Poetry from James Brush

Lazarus Jewelbox

Inside a shell, there was a sea
holding all the world’s blue waters.
But it was also half full of drought.

All she’d ever known was drought,
but ear to the shell, she heard the sea,
the circling cadence of the waters.

Caroline released the waters
and left a shell now full of drought
and threw it deep into the sea.

Sea waters stall the birth of drought.


To Call the Goddess

The old man lost faith in rain,
stopped praying, whispered soft,
I’ve had enough. I give.

How many poems can you give,
brother, to call the goddess of the rain?
A shadow in a sheep’s clothes, soft

wings flutter, a sound so soft
you stop the car, pull over and give
a listen to the whistle of a train.

To hear the rain fall soft again? I’ll give.


I’ll Race the Fiercest Gulls


How much time could you borrow to put off

the moment when you’ll go tomorrow?


The sound of earthquakes will reverberate

across saffron-tinged plateaus tomorrow.


Despite the coming squall, will the sky still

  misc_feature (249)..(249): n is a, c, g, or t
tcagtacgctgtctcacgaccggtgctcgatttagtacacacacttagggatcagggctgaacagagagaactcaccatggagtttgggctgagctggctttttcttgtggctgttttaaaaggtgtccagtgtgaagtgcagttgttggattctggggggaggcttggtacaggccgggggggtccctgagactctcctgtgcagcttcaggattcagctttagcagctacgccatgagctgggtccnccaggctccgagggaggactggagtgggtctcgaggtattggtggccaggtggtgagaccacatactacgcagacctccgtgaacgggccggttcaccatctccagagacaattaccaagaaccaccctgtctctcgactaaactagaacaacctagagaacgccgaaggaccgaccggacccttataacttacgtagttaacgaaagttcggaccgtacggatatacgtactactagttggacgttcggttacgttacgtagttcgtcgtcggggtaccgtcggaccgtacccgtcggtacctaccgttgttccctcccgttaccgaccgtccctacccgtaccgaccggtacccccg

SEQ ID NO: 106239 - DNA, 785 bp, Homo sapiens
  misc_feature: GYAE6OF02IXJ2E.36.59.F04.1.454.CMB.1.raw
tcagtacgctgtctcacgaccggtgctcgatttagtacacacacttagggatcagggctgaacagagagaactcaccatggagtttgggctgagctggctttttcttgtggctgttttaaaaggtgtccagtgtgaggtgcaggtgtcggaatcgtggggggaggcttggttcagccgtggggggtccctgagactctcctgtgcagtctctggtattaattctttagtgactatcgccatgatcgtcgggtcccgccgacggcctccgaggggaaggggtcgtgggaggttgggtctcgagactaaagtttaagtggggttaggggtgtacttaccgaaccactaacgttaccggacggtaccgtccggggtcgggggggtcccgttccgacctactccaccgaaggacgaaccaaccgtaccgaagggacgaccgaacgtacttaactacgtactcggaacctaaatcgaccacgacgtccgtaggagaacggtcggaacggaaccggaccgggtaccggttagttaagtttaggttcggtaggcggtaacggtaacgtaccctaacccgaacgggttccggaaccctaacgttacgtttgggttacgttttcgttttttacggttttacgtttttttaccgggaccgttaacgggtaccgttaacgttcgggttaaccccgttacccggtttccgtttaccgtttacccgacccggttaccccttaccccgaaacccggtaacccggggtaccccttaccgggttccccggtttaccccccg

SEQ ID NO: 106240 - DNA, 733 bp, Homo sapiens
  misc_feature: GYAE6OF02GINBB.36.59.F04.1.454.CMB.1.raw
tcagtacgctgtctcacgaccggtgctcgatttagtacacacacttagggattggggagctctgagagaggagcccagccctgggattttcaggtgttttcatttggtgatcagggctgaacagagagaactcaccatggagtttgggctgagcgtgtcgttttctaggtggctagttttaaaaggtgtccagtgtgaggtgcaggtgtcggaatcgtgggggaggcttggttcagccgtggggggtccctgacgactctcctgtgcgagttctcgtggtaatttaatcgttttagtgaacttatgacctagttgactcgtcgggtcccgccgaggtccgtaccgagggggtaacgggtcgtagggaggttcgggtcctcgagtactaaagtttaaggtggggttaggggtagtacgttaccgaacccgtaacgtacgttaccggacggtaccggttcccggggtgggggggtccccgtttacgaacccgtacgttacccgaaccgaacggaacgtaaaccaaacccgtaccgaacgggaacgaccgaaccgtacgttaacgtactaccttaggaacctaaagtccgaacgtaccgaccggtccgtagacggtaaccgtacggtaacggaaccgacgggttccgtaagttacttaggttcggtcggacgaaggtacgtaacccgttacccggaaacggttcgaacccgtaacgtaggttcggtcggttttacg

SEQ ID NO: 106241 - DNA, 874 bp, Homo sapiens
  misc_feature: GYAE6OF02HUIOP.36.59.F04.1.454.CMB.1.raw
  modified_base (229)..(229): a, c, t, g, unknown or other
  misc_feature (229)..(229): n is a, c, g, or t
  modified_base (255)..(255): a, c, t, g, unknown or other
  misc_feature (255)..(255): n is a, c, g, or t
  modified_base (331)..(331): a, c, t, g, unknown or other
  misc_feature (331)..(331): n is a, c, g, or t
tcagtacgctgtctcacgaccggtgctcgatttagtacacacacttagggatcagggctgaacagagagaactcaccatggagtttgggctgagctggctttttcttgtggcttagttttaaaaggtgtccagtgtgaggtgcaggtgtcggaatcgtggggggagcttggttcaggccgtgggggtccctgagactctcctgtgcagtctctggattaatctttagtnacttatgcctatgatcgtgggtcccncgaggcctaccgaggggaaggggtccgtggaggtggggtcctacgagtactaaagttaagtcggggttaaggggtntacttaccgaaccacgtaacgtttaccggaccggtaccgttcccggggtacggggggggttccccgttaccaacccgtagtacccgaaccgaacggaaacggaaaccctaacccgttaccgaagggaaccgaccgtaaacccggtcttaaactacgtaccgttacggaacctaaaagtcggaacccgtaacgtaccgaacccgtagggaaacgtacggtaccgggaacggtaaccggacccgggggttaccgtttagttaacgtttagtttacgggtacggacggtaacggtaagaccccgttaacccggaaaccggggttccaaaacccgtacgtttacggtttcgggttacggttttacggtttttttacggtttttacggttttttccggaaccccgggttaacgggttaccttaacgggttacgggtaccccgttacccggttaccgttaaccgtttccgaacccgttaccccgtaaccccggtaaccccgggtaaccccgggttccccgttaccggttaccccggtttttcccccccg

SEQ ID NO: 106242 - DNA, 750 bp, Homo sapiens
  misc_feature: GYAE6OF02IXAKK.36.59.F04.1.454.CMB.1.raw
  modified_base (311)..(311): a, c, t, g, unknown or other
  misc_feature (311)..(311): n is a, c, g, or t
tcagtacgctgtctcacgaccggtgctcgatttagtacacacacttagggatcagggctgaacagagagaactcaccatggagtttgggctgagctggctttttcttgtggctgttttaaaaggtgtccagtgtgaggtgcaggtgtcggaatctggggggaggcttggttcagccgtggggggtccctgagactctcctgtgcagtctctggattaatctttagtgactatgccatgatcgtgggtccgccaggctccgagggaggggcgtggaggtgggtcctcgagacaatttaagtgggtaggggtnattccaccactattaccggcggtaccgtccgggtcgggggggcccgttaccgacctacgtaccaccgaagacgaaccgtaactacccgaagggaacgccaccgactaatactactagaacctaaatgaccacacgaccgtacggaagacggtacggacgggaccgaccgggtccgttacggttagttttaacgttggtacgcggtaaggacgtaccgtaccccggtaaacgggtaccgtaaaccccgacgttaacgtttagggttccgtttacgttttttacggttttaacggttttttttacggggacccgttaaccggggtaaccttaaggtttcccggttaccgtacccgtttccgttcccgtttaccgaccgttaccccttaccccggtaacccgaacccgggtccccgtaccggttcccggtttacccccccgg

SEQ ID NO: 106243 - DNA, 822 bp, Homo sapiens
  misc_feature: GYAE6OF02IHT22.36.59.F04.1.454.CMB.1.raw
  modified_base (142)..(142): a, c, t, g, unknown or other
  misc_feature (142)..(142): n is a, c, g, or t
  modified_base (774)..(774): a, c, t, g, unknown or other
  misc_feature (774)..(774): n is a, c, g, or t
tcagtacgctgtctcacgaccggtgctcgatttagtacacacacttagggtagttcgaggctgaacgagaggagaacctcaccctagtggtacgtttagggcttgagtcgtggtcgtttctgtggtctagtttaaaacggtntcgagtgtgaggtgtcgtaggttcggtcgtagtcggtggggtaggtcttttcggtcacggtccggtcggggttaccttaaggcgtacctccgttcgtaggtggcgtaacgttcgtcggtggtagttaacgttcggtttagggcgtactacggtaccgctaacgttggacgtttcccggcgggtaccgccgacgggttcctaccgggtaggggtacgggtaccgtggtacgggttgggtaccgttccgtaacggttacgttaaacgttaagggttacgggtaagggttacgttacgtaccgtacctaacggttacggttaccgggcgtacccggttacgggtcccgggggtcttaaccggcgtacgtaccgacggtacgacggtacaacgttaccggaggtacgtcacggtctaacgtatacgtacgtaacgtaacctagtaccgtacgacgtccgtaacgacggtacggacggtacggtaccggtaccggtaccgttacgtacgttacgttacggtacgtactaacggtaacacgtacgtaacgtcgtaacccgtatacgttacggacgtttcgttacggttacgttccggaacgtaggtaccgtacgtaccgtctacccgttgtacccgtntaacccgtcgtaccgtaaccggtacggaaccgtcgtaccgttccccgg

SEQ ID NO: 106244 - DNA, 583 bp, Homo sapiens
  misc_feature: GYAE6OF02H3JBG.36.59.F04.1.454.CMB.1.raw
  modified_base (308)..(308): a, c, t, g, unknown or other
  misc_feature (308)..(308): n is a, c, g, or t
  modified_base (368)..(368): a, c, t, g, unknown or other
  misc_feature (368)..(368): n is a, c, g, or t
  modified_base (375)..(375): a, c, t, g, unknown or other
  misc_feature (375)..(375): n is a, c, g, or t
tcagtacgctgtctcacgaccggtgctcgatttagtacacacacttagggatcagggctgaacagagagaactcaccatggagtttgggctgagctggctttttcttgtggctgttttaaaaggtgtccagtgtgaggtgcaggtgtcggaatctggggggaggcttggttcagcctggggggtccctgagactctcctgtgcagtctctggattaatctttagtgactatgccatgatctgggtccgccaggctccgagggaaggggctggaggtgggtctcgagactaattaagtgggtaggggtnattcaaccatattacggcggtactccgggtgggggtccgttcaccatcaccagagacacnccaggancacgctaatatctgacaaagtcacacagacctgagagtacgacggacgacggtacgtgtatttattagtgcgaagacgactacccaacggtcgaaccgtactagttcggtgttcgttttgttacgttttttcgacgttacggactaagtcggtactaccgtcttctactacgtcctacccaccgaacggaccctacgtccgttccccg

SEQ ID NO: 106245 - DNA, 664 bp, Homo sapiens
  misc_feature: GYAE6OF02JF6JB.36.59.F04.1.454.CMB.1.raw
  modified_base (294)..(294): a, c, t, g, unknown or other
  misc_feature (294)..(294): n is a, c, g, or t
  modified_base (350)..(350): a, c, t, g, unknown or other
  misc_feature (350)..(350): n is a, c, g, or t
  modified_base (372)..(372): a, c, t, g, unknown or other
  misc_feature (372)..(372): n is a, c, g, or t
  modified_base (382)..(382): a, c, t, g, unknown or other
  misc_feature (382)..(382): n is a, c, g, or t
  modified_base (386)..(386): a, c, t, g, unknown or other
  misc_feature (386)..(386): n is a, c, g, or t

fill with pepper-colored crows tomorrow?


Through dizzying emporiums, I’ll hunt

the rare rust-colored rose tomorrow.


I’ll row this boat and race the fiercest gulls

across the Gulf of Mexico tomorrow. 


I’ll grind my glass and polish brass to see

as far as Galileo tomorrow.


In tendrils of light across the night, I’ll

write my name to guide you home tomorrow.


Ghazal for a Nearly Forgotten Rain Goddess


Wilderness is a circus ride; I jump

silver turnstiles and dodge my fare tonight.


Somewhere on the withered plains, coyotes

howl and cry as they leave their lairs tonight.


Lonely weather satellites trek all through

the salted skies like robot prayers tonight.


You claim constellations for forgotten

nations on dusty roads we share tonight.


Your voice, mellifluous, you whisper and

name the hurricane wind-stirred air tonight.


Come thunder and southern lightning storms we

rejoice, Let rainfall be our heir tonight.



James Brush lives in Austin, TX and posts things online at Coyote Mercury where he keeps a full list of publications. He also edits the online literary journal Gnarled Oak.

link: http://coyotemercury.com

link: http://gnarledoak.org


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